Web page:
New York nurses caring for COVID-19 patients during the first wave of the pandemic experienced anxiety, depression, and illness--but steps their hospitals took to protect them and support from their coworkers helped buffer against the stressful conditions, according to a study led by researchers at NYU Rory Meyers College of Nursing.
"A critical part of the public health response to the COVID-19 pandemic should be supporting the mental health of our frontline workers. Our study demonstrates that institutional resources--such as supportive staff relationships, professional development, providing temporary housing, and access to personal protective equipment--were associated with lower levels of anxiety and depression among nurses," said Christine T. Kovner, RN, PhD, the Mathey Mezey Professor of Geriatric Nursing at NYU Meyers and the study's lead author.
The COVID-19 pandemic has strained health systems around the world. The public health crisis has subjected nurses--the largest group of healthcare professionals responding to the pandemic--and other frontline workers to situations of unparalleled stress, as routine roles and responsibilities were disrupted. Not only have nurses worked tirelessly to care for very ill patients, many of whom died, but they themselves have been at risk of exposure to a life-threatening disease and worry about bringing it home to their loved ones.
Research shows that nurses responding to disasters can experience anxiety and depression, but a variety of factors--both personal and in the workplace--can help nurses cope with, adapt to, and recover from stressful conditions. This study, published in Nursing Outlook, examined what factors helped nurses responding to COVID-19 thrive and what factors may have challenged their mental health.
Kovner and her colleagues surveyed 2,495 nurses across four hospitals in the New York City area that are part of NYU Langone Health. This study was conducted from May through July 2020, during the first wave of the pandemic.
Key findings include:
Anxiety and depression were common among nurses during COVID-19's first wave.
- Roughly 27 percent of nurses surveyed reported anxiety and 17 percent reported depression.
- The more that nurses cared for patients with COVID-19, the higher their depression and anxiety.
- Younger nurses were more likely to be anxious and depressed than were older nurses.
- Nurses working in intensive care units were more likely to be depressed than were those in other settings.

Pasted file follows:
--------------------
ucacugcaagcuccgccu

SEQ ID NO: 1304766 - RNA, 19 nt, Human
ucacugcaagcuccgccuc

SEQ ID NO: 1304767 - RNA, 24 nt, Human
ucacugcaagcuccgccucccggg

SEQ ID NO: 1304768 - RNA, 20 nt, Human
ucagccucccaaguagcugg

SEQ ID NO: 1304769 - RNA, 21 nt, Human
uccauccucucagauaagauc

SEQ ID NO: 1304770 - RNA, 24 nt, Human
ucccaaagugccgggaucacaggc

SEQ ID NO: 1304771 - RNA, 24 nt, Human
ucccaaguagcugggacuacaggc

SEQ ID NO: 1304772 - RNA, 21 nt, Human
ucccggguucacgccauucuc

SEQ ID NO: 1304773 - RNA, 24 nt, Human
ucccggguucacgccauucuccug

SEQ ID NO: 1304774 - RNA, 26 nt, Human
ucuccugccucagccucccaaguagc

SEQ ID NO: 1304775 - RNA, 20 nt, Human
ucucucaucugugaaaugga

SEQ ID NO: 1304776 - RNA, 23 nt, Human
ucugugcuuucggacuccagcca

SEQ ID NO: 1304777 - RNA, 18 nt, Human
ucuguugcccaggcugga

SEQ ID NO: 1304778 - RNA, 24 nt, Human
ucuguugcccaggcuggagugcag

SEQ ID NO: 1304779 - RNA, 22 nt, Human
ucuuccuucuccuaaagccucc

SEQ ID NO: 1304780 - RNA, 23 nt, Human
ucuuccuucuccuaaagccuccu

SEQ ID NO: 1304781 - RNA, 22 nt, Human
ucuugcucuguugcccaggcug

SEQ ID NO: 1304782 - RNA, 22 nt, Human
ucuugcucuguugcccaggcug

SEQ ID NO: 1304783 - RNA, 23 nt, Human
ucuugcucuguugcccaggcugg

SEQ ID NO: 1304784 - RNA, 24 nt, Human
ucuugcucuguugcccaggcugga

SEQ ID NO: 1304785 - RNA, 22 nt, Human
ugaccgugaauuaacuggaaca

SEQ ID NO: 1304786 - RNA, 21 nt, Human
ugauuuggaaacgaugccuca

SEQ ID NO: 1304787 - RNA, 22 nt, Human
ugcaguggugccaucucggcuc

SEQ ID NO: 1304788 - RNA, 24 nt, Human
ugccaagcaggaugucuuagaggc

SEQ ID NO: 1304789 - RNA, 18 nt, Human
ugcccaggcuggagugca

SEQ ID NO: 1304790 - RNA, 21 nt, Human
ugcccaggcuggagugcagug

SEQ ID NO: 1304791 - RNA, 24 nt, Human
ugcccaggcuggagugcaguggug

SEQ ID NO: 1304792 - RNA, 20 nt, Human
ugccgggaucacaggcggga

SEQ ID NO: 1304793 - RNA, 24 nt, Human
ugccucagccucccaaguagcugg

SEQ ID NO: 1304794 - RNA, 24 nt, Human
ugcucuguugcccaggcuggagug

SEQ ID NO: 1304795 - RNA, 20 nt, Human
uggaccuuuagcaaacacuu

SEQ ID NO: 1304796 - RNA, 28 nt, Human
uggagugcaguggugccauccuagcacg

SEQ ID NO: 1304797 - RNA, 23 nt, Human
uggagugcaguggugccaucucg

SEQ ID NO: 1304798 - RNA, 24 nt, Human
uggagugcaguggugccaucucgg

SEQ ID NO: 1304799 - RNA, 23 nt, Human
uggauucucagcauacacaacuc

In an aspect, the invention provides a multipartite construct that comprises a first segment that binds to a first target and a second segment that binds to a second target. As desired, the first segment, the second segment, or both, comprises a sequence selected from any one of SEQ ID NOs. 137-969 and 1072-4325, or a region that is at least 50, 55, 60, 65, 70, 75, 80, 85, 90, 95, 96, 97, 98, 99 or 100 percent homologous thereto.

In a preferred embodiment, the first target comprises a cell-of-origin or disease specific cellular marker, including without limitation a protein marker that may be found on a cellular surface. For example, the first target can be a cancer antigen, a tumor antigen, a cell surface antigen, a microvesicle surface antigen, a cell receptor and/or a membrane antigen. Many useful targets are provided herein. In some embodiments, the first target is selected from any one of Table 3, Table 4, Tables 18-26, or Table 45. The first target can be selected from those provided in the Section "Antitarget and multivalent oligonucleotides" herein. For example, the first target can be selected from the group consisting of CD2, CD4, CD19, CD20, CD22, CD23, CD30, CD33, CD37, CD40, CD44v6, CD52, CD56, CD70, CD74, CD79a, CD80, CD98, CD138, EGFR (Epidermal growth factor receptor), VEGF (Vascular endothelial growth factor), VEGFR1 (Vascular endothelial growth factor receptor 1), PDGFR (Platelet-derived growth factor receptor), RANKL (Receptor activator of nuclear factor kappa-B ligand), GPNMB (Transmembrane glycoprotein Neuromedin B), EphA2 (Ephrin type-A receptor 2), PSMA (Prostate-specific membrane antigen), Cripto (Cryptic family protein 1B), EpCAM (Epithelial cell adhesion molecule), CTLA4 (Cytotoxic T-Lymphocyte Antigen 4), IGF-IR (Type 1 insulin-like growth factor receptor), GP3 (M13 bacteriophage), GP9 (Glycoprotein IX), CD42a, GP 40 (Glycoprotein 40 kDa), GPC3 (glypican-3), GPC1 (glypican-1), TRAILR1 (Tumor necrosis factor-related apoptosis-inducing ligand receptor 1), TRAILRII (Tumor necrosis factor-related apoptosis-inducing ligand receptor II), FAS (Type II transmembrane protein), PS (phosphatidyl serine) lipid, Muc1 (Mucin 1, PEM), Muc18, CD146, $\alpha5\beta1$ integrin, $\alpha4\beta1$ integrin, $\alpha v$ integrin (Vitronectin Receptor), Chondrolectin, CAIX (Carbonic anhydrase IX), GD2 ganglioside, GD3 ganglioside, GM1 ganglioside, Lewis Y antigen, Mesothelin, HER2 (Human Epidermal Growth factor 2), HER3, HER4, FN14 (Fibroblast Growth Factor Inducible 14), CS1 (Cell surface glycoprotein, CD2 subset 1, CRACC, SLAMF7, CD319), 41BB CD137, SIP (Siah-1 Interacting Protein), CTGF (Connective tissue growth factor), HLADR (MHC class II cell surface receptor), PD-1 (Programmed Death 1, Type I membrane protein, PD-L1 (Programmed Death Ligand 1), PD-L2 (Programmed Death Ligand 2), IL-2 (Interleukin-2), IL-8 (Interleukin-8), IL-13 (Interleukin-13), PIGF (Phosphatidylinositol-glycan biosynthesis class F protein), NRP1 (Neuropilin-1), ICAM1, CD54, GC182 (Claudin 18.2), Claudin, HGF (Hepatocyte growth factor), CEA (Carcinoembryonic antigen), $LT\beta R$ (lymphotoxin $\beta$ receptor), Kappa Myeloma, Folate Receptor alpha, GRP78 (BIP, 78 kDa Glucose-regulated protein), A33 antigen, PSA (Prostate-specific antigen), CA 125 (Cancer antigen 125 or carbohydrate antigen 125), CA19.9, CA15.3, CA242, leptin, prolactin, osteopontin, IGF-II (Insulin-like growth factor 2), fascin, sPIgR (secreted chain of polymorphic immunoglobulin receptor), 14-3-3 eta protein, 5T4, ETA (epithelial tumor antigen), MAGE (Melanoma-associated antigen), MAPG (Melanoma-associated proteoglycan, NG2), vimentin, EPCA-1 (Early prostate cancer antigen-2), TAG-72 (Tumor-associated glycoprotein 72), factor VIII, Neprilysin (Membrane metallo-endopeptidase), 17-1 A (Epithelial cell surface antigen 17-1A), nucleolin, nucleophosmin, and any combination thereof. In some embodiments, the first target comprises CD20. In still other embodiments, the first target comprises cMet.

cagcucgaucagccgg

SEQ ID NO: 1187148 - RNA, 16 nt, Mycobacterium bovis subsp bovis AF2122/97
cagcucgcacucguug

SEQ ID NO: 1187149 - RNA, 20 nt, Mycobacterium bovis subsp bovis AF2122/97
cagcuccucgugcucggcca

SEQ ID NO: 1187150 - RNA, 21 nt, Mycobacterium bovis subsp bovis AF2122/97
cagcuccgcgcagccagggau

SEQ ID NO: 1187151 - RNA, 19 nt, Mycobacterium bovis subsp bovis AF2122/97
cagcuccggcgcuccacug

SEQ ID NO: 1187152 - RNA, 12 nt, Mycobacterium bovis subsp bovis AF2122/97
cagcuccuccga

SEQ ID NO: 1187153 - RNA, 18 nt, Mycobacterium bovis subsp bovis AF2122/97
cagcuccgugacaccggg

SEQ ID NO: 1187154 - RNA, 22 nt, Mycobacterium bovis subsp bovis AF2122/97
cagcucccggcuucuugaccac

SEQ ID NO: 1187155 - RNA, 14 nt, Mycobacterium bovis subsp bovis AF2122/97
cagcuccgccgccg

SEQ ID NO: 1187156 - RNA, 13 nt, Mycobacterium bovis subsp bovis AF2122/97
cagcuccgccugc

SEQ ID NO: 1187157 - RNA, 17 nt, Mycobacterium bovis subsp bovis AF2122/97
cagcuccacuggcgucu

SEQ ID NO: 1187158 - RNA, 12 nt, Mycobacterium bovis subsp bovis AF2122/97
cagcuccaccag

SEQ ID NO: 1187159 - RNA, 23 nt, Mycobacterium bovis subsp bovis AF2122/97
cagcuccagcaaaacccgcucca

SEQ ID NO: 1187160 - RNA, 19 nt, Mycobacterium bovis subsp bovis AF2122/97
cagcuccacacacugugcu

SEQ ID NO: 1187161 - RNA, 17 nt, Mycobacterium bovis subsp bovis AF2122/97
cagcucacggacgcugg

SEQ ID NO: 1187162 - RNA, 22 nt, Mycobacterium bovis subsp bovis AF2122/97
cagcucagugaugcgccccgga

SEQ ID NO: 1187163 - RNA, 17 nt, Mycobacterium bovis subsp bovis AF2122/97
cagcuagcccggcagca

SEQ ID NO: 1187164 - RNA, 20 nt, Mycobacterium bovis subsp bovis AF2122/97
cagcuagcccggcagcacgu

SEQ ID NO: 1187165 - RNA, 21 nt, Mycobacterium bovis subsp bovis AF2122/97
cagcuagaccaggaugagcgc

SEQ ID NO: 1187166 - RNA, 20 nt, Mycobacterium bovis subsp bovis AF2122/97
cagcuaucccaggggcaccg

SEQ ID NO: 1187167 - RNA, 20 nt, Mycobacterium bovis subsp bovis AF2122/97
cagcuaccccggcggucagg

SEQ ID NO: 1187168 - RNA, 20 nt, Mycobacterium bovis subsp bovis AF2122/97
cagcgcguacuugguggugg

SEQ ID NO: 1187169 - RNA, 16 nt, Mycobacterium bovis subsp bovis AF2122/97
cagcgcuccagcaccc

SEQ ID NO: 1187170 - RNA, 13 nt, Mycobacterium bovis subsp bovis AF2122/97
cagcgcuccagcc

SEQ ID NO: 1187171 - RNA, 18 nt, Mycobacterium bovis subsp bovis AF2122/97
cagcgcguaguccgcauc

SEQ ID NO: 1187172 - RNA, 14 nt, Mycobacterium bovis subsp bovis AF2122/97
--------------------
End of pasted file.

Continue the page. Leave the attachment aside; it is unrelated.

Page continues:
Workplace support protected nurses' wellbeing.
- When asked what helped the nurses to carry out their care of patients, the most common responses were coworker support (75 percent), followed by support from family and friends (58 percent).
- More than half of the respondents were assigned to a new unit as part of their hospital's response to the pandemic. Of those, 77 percent felt that they had received sufficient support from staff at the new unit.
- Less anxiety and depression were associated with more support in the workplace, better physician-nurse work relations, and access to hospital resources (e.g., adequate personal protective equipment, or PPE). Anxiety and depression were higher among those with more organizational constraints.
Nurses experienced COVID-19's impact not only at work, but in their personal and home lives as well.
- Thirteen percent of nurses reported having contracted COVID-19 and 24 percent had family or a close friend with the illness.
- Almost half of the nurses surveyed had to self-isolate and nearly one in five lived in temporary housing provided by the hospital.
- Conflict between work and home responsibilities was linked to higher levels of depression and anxiety; residing in temporary housing was linked to lower depression and anxiety.
Nurses valued professional development and training tailored to the pandemic.
- Training in the proper donning, doffing, and disposal of PPE was one of the top factors the majority of nurses identified as helping them care for patients with COVID-19.
- Having a sense of mastery at work was the most protective factor against depression and anxiety.
- Prior education and experience did not necessarily translate to a pandemic with a novel virus: 24 percent of nurses had prior experience with epidemics, and only 23 percent reported that their nursing education was helpful in caring for COVID-19 patients.
"Hospitals can play a role in building and sustaining resiliency in their workforces by understanding the triggers that contribute to stress, depression, and anxiety, and by developing resources to minimize these factors, particularly during crises," said Kovner.
In addition to Kovner, study authors include Victoria H. Raveis of NYU College of Dentistry; Nancy Van Devanter, Gary Yu, and Kimberly Glassman of NYU Meyers; and Laura Jean Ridge of the University of Michigan School of Nursing. The research was supported by NYU Langone Health.
About NYU Rory Meyers College of Nursing (@NYUNursing)
NYU Rory Meyers College of Nursing is a global leader in nursing and health. Founded in 1932, the College offers B.S., M.S., DNP and Ph.D. degree programs providing the educational foundation to prepare the next generation of nursing leaders and researchers. NYU Meyers has several programs that are highly ranked by U.S. News & World Report and is among the top 10 nursing schools receiving NIH funding, thanks to its research mission and commitment to innovative approaches to health care worldwide.